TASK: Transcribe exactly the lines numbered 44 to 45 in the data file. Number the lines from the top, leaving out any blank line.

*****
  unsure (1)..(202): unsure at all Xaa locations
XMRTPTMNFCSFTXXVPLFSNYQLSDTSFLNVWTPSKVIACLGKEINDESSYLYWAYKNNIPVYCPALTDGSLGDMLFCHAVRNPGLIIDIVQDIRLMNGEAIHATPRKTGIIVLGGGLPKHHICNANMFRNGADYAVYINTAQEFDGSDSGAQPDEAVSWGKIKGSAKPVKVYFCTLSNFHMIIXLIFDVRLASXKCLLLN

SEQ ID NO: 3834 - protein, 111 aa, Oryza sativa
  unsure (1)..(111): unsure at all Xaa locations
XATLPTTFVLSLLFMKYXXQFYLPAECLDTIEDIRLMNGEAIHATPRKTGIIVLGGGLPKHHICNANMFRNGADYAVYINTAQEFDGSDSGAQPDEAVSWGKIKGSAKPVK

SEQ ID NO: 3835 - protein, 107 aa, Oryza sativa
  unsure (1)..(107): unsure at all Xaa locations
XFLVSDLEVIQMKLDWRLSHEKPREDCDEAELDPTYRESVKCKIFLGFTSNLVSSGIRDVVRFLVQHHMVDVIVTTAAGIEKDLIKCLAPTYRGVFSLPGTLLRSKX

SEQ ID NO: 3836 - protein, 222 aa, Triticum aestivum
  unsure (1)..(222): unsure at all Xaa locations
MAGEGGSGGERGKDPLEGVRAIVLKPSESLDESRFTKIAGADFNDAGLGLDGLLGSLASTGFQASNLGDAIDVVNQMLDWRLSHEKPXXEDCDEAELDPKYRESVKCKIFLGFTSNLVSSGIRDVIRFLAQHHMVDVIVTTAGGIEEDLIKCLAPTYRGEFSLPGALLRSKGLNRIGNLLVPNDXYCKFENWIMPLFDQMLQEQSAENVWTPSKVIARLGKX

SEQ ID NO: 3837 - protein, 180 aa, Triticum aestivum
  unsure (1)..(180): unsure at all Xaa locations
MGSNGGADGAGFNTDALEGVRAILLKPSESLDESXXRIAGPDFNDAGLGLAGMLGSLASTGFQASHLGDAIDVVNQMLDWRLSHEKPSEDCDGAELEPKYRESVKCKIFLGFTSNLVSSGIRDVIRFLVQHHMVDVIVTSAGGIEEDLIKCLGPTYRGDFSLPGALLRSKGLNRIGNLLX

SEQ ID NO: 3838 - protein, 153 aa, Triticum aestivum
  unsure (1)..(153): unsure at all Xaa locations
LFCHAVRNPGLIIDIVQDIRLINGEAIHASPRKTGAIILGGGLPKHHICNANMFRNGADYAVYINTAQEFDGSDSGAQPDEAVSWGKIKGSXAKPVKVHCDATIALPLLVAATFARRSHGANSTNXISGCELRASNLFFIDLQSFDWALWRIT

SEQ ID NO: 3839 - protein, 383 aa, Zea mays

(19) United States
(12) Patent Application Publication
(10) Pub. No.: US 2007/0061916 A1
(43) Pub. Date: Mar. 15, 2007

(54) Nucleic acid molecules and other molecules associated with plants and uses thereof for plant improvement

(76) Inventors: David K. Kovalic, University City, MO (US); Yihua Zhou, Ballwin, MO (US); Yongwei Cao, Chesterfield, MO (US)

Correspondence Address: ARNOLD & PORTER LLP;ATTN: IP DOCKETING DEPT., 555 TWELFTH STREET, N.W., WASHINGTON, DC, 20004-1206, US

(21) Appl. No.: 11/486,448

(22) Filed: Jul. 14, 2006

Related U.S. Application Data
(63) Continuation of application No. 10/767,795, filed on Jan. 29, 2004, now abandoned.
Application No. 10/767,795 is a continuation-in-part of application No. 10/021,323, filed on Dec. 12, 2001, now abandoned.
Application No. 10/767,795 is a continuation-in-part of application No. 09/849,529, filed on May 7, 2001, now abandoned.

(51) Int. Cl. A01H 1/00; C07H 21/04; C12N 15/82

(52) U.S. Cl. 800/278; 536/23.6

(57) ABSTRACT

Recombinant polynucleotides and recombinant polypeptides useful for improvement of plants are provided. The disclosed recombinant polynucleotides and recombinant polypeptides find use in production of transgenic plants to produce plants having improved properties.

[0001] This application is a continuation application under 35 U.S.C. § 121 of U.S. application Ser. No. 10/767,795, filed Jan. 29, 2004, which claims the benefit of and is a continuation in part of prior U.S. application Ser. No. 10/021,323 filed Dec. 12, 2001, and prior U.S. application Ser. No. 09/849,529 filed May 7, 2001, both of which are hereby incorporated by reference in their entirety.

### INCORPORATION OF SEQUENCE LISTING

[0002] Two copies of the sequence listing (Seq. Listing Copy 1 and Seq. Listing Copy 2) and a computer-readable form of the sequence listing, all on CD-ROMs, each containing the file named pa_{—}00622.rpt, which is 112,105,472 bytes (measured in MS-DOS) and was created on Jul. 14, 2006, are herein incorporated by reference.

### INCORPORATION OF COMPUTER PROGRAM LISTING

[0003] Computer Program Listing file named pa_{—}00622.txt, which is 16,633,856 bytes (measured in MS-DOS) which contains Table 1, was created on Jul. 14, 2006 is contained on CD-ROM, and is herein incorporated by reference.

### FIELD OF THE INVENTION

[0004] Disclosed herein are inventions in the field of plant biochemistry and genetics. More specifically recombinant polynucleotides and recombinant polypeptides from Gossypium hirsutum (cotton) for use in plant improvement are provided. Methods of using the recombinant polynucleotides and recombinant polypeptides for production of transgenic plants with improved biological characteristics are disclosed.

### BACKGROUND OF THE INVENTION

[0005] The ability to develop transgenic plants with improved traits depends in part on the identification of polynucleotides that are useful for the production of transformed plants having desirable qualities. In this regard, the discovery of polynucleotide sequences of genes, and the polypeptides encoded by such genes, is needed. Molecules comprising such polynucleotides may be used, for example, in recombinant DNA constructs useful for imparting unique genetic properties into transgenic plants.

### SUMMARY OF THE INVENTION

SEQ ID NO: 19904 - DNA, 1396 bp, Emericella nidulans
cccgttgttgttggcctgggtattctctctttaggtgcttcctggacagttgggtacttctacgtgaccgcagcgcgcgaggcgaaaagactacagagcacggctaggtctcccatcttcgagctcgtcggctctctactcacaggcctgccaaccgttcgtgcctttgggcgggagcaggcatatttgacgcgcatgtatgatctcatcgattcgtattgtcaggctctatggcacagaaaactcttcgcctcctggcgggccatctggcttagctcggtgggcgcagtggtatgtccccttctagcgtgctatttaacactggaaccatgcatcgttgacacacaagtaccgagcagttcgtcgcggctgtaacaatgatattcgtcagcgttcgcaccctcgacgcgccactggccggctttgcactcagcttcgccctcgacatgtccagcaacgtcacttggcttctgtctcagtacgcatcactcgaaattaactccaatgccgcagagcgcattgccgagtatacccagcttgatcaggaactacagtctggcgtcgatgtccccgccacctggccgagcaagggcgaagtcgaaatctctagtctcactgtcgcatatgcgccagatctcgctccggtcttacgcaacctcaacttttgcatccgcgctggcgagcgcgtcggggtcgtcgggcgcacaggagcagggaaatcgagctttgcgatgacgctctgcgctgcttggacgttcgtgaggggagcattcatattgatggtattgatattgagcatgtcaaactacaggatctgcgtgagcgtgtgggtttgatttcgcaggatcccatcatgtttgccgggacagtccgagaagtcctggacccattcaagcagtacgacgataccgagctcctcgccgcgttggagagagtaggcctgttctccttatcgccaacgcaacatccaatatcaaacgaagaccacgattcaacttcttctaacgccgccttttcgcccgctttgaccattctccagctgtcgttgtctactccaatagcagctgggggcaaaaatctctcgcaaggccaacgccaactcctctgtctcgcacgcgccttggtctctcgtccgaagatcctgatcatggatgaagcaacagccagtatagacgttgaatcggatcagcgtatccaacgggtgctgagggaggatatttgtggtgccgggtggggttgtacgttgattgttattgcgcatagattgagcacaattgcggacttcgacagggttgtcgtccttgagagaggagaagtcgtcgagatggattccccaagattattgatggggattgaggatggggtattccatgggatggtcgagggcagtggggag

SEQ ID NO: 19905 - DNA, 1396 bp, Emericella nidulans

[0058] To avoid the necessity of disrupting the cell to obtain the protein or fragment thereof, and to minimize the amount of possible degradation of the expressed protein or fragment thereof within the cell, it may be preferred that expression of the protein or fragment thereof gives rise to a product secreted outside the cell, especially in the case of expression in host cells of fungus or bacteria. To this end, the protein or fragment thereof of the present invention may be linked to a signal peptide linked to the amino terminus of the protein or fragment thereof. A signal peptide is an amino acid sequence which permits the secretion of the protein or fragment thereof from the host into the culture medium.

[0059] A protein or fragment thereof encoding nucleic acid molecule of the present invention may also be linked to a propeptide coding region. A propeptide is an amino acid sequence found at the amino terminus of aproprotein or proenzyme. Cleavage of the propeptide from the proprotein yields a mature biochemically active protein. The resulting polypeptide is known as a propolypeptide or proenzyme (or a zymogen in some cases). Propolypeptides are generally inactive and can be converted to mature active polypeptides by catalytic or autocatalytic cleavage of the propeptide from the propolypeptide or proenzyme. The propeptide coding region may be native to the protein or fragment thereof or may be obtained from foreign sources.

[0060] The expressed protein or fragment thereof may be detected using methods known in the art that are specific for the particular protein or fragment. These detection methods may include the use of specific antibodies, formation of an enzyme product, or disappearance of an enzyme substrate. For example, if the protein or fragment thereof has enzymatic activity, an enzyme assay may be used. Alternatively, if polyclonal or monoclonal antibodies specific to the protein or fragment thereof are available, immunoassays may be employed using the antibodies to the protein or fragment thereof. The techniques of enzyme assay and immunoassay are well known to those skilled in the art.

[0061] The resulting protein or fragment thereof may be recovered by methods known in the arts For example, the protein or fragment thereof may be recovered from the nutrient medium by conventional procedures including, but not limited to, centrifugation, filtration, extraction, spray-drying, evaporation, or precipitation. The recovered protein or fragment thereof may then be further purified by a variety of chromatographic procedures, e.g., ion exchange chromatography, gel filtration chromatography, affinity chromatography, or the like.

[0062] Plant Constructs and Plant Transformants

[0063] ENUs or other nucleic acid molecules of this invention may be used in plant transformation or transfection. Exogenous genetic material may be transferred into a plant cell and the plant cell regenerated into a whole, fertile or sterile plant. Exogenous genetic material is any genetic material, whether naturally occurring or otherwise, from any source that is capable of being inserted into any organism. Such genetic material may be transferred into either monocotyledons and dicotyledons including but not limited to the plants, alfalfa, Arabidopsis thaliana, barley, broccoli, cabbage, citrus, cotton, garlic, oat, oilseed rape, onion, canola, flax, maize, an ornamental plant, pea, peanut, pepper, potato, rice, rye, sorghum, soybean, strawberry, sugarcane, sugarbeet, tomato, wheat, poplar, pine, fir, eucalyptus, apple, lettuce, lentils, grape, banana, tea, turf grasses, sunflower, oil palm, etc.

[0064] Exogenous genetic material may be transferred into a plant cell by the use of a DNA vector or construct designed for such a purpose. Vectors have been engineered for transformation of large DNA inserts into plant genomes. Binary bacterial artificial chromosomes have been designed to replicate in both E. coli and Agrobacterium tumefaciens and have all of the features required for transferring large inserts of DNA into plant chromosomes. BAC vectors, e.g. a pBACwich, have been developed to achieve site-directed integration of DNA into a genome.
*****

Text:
[0005] The ability to develop transgenic plants with improved traits depends in part on the identification of polynucleotides that are useful for the production of transformed plants having desirable qualities. In this regard, the discovery of polynucleotide sequences of genes, and the polypeptides encoded by such genes, is needed. Molecules comprising such polynucleotides may be used, for example, in recombinant DNA constructs useful for imparting unique genetic properties into transgenic plants.

### SUMMARY OF THE INVENTION